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policy to entrust men with power in the State whose bounden religious duty it is to subvert, if they can, the Church. These opinions I have uniformly held since the question was brought forward in the first year of the present century; and in these (with leave of Sir James Graham) I expect to continue for the short remainder of my life;.. unless that honourable and courteous Baronet, who represents the county of Cumberland, and mis-represents me, should lay before the world such arguments, deduced from his own researches and experience, that I must be enforced in reason and in conscience to submit to them and acknowledge my conviction accordingly... Of the wrongs and sufferings of the Irish people, (which is altogether a different question,) of the condition to which their landlords, their middlemen and their priests have reduced them, and the state of barbarism in which the British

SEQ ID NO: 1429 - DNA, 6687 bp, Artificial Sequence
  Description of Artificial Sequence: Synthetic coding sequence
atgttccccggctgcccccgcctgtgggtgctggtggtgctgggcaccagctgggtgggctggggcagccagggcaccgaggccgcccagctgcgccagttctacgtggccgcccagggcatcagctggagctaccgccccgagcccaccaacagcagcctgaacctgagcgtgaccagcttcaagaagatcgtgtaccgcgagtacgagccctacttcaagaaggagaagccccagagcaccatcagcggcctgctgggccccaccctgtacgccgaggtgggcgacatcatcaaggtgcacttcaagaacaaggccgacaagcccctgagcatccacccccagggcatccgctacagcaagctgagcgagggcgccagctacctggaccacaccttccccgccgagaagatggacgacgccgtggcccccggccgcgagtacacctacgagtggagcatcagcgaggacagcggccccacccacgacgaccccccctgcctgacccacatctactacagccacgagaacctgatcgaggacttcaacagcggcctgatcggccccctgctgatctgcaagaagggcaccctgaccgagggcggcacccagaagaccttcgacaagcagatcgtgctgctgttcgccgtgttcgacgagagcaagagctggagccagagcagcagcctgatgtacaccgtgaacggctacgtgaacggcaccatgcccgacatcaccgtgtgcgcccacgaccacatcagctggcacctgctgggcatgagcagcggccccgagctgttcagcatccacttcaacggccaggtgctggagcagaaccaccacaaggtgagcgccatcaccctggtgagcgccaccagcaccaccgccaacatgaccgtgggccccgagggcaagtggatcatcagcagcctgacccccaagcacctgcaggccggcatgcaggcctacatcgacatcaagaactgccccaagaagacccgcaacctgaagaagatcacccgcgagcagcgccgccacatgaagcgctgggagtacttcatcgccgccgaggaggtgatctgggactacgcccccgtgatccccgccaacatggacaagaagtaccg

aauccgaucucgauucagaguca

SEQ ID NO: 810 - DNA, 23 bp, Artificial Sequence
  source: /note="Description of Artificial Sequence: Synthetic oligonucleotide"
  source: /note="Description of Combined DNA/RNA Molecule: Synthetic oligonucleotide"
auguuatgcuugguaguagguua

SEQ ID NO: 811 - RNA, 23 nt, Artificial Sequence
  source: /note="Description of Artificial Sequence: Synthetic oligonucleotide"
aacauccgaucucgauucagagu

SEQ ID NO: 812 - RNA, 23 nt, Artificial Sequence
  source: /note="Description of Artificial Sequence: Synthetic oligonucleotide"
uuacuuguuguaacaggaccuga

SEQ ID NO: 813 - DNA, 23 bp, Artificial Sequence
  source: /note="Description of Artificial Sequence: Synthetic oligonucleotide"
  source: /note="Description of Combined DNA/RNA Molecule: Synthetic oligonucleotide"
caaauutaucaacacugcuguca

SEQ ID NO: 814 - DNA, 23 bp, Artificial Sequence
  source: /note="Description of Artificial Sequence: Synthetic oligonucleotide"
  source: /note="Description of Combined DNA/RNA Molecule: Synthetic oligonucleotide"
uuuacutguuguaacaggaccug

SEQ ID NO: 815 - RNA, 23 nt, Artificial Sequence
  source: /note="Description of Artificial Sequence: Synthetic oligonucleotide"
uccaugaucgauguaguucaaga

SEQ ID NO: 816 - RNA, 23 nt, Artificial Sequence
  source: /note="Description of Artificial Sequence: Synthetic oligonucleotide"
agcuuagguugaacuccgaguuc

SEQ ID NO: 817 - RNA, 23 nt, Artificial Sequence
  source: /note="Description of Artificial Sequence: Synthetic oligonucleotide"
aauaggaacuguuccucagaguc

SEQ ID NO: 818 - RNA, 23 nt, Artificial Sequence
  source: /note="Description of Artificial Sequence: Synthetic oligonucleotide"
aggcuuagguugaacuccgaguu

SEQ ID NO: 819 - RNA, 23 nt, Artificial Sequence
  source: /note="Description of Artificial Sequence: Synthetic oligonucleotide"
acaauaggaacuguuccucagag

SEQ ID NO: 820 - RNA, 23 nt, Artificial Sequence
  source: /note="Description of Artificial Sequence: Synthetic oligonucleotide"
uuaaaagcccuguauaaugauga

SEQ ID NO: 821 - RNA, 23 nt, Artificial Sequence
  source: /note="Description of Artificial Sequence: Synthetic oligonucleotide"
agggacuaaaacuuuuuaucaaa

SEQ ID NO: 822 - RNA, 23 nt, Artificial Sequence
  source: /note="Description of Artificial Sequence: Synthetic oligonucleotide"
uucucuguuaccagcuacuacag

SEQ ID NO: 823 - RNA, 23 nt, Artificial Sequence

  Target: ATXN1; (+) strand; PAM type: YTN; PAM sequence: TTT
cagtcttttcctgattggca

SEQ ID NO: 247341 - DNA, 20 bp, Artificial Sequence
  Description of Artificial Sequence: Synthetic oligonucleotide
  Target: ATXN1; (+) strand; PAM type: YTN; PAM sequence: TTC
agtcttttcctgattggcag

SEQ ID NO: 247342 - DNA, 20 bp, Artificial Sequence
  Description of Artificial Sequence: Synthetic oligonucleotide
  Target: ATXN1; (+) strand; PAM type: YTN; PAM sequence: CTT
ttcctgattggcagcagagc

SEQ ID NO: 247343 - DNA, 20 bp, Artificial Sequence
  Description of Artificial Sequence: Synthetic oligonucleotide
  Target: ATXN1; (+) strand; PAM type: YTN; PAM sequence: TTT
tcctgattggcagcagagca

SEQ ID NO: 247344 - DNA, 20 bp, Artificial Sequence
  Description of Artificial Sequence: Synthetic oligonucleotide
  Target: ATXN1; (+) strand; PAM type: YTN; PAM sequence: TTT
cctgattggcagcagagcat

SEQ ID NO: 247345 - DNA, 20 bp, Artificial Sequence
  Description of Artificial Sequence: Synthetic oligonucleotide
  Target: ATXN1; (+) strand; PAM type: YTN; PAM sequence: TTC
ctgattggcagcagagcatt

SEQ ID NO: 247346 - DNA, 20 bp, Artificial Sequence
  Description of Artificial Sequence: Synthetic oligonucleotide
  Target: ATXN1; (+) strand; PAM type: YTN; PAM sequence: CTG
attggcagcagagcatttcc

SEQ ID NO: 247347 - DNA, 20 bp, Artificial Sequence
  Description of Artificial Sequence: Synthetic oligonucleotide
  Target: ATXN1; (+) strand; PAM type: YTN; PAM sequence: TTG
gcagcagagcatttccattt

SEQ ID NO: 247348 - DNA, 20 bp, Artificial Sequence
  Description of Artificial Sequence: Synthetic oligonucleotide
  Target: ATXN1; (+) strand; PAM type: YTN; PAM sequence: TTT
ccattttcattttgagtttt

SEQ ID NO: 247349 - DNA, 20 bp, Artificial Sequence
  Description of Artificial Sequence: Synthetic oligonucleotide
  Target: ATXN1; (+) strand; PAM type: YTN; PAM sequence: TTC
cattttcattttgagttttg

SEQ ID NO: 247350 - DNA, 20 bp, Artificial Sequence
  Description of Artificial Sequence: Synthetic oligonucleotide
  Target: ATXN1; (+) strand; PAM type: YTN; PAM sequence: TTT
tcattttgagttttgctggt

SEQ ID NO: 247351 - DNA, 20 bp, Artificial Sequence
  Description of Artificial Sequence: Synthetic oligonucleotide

Government, by the grossest neglect of its paramount duty, has suffered them to remain, I have at all times felt, and spoken, as a man who abhors oppression, and earnestly wishes for every possible improvement in the spiritual and temporal condition of his fellow creatures.
Having thus given the most direct contradiction to Mr. Shannon's assertions, I leave him to reconcile his conduct on this occasion with the principles by which our intercourse in society is usually supposed to be regulated, and his insinuations with the charity which as a minister of the Gospel he ought better to have understood and to have practised.
KESWICK, 9th March, 1829.
DERWENTWATER.–CATHOLIC EMANCIPATION.- IRELAND. 237
NOTES AND ILLUSTRATIONS.
To VOLUME I. .
To VOLUME II.